{Natural Harmony} (Mus.), the harmony of the triad or common
chord.

{Natural history}, in its broadest sense, a history or
description of nature as a whole, including the sciences
of {botany}, {Zoology}, {geology}, {mineralogy},
{paleontology}, {chemistry}, and {physics}. In recent
usage the term is often restricted to the sciences of
botany and Zoology collectively, and sometimes to the
science of zoology alone.

{Natural law}, that instinctive sense of justice and of right
and wrong, which is native in mankind, as distinguished
from specifically revealed divine law, and formulated
human law.

{Natural modulation} (Mus.), transition from one key to its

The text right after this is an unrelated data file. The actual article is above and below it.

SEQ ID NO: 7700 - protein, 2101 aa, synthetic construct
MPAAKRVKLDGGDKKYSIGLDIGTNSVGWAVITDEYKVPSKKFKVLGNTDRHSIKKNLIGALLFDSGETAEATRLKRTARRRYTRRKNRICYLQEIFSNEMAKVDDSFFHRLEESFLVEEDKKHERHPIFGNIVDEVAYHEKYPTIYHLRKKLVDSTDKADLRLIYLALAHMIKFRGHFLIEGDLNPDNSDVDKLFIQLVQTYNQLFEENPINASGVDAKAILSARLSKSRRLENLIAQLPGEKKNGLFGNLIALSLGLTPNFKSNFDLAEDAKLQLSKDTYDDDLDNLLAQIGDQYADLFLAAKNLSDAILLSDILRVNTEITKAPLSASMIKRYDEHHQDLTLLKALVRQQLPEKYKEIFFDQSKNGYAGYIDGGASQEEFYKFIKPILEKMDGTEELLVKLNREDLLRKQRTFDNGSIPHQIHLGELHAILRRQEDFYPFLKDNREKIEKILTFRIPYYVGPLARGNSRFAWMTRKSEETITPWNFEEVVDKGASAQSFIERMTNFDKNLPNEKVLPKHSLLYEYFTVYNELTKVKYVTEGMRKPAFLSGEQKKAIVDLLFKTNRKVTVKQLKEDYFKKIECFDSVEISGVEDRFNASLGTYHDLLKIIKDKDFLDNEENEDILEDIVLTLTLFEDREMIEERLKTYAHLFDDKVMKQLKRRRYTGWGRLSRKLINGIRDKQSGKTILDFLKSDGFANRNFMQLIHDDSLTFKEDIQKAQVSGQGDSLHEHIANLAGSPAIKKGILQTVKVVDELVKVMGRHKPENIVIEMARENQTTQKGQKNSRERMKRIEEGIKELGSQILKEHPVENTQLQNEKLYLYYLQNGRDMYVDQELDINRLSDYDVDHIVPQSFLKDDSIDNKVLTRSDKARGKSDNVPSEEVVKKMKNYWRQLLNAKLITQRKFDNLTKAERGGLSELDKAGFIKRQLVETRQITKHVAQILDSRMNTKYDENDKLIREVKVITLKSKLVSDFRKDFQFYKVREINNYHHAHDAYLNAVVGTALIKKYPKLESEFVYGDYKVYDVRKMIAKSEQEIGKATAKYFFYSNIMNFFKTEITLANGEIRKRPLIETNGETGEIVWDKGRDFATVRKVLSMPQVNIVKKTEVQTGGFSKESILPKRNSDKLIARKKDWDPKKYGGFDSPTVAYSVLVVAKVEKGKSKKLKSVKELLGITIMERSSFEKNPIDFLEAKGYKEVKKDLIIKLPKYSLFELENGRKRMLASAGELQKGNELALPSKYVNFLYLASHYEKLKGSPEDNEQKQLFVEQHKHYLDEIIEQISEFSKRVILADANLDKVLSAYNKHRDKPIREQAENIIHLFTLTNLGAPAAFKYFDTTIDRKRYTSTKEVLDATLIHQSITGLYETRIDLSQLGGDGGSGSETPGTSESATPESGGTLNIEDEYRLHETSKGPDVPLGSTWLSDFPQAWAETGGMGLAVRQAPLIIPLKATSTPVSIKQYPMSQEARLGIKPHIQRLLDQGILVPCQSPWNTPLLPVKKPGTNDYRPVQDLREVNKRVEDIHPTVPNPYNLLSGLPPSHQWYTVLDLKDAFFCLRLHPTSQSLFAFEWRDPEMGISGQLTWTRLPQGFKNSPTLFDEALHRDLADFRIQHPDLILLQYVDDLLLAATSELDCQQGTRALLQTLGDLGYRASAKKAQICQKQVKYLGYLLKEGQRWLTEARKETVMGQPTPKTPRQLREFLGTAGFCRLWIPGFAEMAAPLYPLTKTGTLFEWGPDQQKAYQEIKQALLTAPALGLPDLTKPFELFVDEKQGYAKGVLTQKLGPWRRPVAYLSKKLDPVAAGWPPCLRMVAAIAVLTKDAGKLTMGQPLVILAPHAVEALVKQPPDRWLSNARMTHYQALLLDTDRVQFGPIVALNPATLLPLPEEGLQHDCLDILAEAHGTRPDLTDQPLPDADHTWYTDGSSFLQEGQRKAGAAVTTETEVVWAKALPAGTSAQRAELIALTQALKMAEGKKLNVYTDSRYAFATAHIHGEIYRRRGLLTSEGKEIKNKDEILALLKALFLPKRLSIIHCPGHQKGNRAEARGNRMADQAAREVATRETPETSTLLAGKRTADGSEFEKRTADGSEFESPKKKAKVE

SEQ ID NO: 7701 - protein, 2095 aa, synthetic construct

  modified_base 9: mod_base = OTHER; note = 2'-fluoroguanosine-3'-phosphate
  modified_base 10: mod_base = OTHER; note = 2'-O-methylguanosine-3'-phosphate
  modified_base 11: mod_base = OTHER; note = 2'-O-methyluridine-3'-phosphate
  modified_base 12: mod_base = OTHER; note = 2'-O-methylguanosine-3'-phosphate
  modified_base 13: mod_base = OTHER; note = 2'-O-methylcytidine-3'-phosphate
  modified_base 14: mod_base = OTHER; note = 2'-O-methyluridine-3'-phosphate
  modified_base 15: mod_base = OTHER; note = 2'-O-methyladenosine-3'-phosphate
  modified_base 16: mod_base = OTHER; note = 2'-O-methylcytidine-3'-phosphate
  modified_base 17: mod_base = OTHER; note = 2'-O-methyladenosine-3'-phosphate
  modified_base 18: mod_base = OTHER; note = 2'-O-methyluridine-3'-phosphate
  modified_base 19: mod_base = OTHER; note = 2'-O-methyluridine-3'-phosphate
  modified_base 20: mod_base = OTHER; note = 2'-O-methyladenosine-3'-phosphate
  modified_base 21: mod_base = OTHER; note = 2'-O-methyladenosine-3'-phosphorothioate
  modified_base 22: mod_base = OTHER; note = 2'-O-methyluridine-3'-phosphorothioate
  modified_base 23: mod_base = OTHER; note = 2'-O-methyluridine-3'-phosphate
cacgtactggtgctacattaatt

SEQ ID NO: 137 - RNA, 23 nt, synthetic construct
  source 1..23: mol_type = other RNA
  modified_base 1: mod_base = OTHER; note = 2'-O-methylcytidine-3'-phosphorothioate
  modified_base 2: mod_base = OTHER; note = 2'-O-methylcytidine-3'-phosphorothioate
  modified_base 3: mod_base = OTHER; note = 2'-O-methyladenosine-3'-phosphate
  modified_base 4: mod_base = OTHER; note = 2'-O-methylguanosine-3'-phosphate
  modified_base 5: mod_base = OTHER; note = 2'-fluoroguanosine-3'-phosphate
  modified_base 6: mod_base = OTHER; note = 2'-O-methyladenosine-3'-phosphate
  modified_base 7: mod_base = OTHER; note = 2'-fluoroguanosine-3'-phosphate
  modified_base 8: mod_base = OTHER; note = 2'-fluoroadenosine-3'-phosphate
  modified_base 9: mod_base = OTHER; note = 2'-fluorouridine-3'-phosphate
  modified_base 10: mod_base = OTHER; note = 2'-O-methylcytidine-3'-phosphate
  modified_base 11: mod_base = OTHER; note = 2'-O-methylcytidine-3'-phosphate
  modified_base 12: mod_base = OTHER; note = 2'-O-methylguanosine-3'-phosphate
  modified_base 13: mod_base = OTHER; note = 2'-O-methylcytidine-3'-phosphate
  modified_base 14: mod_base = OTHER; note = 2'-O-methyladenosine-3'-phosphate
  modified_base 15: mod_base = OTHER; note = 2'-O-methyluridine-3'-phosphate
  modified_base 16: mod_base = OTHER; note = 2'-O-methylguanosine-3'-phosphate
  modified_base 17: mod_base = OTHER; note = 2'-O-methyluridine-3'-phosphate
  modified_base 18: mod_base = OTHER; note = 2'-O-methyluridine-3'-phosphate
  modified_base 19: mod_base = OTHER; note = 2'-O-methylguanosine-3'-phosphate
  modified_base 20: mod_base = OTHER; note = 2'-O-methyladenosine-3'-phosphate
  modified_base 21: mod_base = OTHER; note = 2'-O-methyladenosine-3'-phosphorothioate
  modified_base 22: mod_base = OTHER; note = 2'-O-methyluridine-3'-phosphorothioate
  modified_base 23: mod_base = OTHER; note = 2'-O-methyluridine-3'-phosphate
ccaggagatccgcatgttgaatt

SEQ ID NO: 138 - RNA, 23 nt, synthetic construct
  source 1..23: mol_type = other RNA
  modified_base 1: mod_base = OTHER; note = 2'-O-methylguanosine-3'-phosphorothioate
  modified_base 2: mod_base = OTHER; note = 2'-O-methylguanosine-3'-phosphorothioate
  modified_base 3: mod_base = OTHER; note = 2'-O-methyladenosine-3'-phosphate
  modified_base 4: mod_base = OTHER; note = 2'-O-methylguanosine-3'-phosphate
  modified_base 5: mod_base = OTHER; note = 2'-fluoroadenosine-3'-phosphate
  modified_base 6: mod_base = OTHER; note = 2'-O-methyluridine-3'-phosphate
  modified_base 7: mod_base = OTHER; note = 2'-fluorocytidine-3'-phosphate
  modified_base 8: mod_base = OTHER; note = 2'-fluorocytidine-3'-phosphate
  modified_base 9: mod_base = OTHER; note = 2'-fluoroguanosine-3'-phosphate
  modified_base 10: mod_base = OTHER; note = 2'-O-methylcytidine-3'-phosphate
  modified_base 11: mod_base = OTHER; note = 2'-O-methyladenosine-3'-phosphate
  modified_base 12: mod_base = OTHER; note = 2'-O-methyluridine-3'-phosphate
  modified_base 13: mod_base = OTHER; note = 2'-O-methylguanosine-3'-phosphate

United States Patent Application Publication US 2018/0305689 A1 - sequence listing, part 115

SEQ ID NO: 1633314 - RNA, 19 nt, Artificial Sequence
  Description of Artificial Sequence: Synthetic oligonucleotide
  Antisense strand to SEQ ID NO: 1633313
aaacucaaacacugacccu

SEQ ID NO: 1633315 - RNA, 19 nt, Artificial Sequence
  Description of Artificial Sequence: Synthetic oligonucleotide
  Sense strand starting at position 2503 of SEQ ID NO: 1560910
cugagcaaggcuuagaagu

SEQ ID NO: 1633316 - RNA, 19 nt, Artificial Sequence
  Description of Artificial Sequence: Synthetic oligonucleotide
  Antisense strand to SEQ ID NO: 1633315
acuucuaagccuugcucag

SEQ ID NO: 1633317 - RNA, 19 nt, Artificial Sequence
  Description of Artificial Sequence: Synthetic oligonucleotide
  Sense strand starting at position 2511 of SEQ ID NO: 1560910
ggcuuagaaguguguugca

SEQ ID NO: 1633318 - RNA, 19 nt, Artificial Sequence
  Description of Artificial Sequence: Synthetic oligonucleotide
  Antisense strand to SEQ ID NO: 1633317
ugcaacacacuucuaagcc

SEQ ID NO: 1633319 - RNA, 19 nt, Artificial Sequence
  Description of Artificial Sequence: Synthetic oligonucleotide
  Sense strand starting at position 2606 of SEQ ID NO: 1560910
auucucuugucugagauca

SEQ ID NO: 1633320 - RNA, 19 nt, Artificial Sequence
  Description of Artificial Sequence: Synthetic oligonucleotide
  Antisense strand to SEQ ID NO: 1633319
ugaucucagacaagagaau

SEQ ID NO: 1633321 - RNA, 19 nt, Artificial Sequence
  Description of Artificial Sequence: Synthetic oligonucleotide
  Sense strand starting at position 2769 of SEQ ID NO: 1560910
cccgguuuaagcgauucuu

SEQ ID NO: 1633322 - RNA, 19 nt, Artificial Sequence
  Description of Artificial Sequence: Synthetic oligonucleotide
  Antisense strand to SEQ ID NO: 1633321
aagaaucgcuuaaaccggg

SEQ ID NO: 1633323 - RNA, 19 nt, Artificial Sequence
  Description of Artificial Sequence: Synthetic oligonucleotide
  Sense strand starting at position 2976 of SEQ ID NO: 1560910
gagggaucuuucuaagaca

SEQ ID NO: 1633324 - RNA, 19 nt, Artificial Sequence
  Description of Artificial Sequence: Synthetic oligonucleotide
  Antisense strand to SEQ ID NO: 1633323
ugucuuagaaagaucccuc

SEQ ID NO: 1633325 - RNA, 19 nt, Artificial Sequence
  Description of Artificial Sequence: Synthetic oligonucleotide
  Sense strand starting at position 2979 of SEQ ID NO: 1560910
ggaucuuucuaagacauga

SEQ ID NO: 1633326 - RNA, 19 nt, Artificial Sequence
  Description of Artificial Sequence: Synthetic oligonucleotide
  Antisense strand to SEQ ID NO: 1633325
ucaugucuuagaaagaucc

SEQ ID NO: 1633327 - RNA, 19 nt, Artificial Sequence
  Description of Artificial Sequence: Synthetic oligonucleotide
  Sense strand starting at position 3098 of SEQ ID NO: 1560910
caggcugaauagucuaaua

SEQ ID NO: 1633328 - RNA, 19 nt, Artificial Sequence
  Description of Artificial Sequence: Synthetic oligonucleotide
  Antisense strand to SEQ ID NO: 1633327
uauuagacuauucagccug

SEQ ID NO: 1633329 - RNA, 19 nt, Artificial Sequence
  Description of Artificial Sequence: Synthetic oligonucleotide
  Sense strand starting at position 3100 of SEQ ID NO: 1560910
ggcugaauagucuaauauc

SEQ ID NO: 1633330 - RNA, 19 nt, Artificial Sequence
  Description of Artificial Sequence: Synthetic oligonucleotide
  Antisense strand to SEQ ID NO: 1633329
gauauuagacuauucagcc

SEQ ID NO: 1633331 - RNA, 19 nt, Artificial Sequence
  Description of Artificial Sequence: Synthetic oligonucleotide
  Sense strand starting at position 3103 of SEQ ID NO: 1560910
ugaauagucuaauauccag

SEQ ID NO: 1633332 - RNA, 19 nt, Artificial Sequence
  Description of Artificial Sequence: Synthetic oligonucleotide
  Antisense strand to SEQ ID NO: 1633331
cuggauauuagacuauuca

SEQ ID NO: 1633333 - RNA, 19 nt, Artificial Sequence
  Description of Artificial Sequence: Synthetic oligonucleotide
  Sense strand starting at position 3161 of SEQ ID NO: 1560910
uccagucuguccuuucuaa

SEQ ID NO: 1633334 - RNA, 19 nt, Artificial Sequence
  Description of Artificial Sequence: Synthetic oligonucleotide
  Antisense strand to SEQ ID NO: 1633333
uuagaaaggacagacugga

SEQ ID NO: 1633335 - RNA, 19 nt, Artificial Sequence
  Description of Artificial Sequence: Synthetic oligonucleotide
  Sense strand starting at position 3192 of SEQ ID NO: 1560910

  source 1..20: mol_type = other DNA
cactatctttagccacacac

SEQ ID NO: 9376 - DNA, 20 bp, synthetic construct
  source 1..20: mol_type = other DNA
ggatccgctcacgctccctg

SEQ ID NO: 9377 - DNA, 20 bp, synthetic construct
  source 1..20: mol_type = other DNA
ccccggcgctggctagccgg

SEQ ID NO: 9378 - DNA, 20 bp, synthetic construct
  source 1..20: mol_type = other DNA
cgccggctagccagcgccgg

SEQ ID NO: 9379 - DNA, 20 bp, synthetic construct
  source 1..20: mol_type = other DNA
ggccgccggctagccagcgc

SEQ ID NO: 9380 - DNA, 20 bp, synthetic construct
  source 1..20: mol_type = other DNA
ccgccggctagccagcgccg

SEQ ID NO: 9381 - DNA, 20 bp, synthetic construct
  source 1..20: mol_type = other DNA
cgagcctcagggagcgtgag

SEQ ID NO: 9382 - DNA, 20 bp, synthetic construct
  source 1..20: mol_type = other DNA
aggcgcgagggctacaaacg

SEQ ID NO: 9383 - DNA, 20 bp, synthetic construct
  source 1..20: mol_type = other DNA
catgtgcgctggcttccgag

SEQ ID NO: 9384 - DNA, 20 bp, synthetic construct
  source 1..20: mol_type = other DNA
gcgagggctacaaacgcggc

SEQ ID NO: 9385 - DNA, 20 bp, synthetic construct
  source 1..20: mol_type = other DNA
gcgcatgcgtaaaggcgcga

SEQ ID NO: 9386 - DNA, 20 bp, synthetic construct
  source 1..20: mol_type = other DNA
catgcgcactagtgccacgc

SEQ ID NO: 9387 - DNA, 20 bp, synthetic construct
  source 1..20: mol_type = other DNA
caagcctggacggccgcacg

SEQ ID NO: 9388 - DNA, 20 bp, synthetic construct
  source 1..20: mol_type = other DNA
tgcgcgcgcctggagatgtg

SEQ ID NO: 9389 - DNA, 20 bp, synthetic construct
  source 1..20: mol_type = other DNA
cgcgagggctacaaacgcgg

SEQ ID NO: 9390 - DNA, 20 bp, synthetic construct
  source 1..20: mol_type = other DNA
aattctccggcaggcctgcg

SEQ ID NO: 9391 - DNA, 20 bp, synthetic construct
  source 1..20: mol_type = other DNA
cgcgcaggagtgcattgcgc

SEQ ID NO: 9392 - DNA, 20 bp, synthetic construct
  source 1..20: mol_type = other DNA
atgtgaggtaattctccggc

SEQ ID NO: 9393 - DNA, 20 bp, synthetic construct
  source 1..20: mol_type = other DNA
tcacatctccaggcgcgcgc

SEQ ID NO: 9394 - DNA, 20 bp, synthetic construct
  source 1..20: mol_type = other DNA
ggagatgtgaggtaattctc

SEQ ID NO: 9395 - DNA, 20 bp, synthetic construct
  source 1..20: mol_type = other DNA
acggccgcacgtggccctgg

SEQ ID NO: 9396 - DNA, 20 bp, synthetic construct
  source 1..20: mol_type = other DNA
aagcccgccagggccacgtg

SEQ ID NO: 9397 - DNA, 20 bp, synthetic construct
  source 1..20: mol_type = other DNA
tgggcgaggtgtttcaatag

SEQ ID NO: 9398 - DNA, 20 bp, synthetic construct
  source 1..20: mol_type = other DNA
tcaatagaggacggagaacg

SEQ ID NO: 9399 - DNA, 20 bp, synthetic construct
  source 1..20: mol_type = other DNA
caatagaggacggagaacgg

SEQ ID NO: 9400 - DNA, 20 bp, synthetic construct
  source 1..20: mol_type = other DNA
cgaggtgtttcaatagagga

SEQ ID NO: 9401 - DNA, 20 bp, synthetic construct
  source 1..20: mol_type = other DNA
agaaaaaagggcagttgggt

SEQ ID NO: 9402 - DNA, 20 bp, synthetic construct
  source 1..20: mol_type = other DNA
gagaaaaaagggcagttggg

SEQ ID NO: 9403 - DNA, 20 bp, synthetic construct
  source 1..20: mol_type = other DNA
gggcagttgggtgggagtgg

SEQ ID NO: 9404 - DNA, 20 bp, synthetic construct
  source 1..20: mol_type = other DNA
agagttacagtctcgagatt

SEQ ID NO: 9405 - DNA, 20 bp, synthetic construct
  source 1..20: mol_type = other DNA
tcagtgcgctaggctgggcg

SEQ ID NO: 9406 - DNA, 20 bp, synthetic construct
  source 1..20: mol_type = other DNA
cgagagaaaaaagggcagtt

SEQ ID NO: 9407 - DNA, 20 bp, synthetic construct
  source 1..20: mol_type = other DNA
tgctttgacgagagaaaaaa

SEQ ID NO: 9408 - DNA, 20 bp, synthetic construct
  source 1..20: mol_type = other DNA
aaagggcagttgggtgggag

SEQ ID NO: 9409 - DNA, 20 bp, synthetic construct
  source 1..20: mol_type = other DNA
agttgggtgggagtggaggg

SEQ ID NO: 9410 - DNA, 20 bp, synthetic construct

relative keys.

{Natural order}. (Nat. Hist.) See under {order}.

{Natural person}. (Law) See under {person}, n.

{Natural philosophy}, originally, the study of nature in
general; the natural sciences; in modern usage, that
branch of physical science, commonly called {physics},
which treats of the phenomena and laws of matter and
considers those effects only which are unaccompanied by
any change of a chemical nature; -- contrasted with
{mental philosophy} and {moral philosophy}.

{Natural scale} (Mus.), a scale which is written without
flats or sharps.

Note: Model would be a preferable term, as less likely to
mislead, the so-called artificial scales (scales
represented by the use of flats and sharps) being
equally natural with the so-called natural scale.

{Natural science}, the study of objects and phenomena
existing in nature, especially biology, chemistry, physics
and their interdisciplinary related sciences; {natural